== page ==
This is, I should emphasize, strictly for fun. In this series, there are characters I know for certain aren’t going to die and other characters who might in theory die if the story goes that way. I do know which of these characters are in which category. I’m not going to tell you, obviously, but I think it’s likely you can guess for some of them.

Alternatively —

I bet some of you are now thinking that even if a certain character’s death is (a) meaningful, and (b) foreshadowed, and (c) not a cheat with a resurrection, and (4) the story ends on a positive note, you would NEVER FORGIVE ME. I wonder if everyone agrees about which character(s) should most definitely survive? Emphasizing again that I do already know who is in which category! Some characters are FOR SURE not in danger of death, though they may, of course, have a difficult time.

But one point here is that NOTHING ON EARTH could make you accept the death of certain characters. Isn’t that right? I’m sure that’s true. It wouldn’t matter if I had foreshadowed that during all four of the previous novels, made the death meaningful, and brought good things to the world by means of that death.

This is absolutely for sure true for many characters in many novels. If Cajiri died in the Foreigner series, that would be totally unacceptable. If Dr. Mensa or Ratthi died in the Murderbot series, no. Ludvic in The Hands of the Emperor, no. Huge numbers of characters occupy that kind of role where they can’t possibly die.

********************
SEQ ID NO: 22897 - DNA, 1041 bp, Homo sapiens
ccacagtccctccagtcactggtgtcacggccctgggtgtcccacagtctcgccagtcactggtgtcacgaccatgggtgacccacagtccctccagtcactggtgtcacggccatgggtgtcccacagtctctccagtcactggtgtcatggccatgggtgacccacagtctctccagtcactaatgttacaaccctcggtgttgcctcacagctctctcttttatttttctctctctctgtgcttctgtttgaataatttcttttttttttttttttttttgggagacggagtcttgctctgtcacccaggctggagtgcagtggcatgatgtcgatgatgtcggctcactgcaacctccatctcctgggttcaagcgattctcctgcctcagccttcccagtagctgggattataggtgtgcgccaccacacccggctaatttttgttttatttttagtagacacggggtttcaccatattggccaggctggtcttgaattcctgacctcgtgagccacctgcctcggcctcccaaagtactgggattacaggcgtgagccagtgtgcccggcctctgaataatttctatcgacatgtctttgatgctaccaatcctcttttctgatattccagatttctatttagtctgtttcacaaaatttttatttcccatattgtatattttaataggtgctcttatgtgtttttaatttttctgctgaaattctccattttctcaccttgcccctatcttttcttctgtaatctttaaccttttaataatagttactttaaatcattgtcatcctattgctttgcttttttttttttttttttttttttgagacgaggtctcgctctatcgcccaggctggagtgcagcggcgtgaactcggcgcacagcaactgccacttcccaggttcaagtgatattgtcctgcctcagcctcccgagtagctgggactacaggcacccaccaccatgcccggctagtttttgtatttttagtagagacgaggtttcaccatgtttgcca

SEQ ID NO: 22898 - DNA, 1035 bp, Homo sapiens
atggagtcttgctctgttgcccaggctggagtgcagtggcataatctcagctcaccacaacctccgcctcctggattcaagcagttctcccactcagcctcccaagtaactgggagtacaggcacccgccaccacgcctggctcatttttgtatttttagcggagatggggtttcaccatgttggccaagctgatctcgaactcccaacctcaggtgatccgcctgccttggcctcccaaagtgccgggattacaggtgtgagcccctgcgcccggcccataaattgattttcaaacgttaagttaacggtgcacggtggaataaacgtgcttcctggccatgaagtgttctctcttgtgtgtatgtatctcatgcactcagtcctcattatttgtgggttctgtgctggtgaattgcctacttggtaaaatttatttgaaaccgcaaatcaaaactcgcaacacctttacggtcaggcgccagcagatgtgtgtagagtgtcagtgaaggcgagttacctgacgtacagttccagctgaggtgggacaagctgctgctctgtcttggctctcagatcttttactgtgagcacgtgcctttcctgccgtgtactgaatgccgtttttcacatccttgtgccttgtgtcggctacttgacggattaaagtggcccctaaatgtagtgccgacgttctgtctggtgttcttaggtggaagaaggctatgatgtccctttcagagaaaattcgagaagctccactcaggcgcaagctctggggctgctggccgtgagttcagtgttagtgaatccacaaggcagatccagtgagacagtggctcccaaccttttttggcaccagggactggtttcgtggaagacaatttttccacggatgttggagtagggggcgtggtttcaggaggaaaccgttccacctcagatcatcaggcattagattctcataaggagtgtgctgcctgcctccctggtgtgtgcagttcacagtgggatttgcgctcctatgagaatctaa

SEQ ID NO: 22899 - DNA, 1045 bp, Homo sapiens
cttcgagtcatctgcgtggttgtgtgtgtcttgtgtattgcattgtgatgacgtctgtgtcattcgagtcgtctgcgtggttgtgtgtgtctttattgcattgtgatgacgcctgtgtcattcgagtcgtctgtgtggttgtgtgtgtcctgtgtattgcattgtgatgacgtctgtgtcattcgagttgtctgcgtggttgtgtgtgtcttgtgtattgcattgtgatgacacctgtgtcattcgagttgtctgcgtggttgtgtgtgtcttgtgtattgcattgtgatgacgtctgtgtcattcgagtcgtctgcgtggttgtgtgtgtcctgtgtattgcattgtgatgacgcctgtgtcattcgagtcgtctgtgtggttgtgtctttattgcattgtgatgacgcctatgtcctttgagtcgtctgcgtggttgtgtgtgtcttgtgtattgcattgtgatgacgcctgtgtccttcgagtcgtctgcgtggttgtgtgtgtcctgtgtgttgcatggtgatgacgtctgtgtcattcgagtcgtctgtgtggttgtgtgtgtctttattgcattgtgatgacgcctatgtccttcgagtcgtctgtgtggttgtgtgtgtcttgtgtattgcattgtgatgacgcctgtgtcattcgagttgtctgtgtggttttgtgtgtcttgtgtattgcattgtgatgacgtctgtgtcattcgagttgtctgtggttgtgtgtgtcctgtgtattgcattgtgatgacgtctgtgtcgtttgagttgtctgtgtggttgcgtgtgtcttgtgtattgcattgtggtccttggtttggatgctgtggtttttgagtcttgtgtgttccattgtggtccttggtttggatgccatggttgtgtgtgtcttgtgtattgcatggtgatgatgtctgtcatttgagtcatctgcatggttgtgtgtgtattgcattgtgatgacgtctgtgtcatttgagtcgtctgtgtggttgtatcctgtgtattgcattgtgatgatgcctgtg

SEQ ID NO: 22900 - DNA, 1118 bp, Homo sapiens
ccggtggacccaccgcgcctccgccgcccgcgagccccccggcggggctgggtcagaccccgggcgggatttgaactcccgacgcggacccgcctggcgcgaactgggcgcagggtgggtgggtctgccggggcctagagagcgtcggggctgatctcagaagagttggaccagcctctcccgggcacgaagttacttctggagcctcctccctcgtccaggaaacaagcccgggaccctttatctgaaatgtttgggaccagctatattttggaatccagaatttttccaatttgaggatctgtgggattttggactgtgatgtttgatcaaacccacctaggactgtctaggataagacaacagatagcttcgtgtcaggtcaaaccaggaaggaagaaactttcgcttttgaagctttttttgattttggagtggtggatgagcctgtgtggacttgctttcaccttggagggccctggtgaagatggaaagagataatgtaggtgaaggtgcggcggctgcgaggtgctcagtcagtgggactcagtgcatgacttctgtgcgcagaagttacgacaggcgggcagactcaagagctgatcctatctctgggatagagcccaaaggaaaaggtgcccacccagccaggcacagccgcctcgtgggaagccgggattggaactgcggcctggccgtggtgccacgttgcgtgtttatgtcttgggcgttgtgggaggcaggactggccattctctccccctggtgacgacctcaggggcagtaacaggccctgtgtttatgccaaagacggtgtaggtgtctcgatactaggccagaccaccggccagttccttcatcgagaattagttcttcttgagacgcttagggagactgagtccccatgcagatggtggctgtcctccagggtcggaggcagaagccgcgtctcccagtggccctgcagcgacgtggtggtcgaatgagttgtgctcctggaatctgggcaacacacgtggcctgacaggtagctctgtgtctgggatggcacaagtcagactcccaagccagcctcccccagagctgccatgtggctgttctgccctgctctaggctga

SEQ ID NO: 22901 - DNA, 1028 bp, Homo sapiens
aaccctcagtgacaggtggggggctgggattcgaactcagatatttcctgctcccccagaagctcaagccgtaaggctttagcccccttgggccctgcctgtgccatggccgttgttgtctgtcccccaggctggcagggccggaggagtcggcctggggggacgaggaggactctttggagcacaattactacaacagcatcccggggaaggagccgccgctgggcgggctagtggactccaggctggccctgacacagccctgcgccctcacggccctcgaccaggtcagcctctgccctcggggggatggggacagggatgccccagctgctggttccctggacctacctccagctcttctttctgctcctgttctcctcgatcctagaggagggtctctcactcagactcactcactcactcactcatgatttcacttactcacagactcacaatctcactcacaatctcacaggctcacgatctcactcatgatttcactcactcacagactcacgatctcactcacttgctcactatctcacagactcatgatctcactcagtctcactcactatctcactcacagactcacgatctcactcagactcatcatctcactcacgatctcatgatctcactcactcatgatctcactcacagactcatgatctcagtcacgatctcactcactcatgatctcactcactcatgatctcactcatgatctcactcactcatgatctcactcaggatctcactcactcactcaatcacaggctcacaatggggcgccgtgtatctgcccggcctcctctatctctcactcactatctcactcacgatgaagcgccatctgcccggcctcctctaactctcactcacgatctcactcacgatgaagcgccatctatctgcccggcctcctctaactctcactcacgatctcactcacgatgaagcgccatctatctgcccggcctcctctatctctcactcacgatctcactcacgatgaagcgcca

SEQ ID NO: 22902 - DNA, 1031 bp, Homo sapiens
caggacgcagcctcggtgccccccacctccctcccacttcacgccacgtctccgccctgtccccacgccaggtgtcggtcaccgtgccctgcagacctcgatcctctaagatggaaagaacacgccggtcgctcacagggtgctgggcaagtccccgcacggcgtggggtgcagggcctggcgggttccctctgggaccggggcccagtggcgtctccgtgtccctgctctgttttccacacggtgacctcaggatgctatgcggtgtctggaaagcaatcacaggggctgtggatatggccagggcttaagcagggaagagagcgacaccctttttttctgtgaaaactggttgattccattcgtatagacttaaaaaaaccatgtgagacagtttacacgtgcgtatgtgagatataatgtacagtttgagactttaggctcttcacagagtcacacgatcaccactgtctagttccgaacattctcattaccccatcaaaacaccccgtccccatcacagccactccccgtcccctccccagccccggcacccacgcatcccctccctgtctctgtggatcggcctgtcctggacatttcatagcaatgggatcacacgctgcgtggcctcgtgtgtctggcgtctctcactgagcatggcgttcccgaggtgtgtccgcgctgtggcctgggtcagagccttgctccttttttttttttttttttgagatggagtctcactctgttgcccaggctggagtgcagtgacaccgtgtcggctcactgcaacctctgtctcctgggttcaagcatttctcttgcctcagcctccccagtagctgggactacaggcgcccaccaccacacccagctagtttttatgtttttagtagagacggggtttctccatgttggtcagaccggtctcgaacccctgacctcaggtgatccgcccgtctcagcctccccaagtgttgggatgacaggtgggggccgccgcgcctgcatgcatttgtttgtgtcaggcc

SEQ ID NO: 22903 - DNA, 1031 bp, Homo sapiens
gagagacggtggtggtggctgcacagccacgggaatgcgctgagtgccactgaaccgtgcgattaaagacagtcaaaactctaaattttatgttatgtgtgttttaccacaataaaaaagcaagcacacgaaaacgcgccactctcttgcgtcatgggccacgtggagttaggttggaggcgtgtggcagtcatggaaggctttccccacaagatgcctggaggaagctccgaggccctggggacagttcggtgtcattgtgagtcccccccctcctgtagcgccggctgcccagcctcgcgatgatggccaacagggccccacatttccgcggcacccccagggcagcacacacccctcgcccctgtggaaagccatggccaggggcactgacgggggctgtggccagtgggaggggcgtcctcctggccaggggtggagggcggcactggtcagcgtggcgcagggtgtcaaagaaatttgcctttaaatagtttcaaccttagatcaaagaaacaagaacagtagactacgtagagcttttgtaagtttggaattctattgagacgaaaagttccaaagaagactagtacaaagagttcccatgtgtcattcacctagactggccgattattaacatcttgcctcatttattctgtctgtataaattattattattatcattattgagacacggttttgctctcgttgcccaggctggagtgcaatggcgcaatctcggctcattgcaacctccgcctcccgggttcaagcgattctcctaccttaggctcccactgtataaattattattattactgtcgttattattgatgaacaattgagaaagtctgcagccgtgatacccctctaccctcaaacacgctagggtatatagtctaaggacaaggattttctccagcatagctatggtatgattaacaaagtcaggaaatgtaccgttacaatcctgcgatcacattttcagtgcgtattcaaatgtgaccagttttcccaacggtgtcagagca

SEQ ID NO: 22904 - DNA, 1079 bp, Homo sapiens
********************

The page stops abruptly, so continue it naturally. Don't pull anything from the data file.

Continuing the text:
It’s a bit amusing for me to think about this, because how many of you would have been fine with it if Ryo had died at the end of TASMAKAT? What do you suppose the star rating would be in an alternate world where I had done that? Even if I’d set it up perfectly, wow, I bet I would have gotten tons of mail and also the star rating would be two point something. It’s funny to me to think of what reader reactions would have been if that had happened because there was never the remotest chance.

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13 thoughts on “How to Kill a Character; Also, a Silver Circle Poll”

  1. Grayson is getting older and might be the logical one to take the final fall, setting himself up to save everybody, but I hope he will die sometime quite a bit in the future, as his stature and insight are still needed and his lieutenants are not quite ready to step in and take over without creating too many problems. So I hope he doesn’t die yet.
    Some of his lieutenants (like Ezekiel) would take that jump for him if they could, but they will be needed in future to take over for him and keep the black dogs on a track that is compatible with human civilisation and an at least semi-civilised life for themselves (i.e. when in their human form).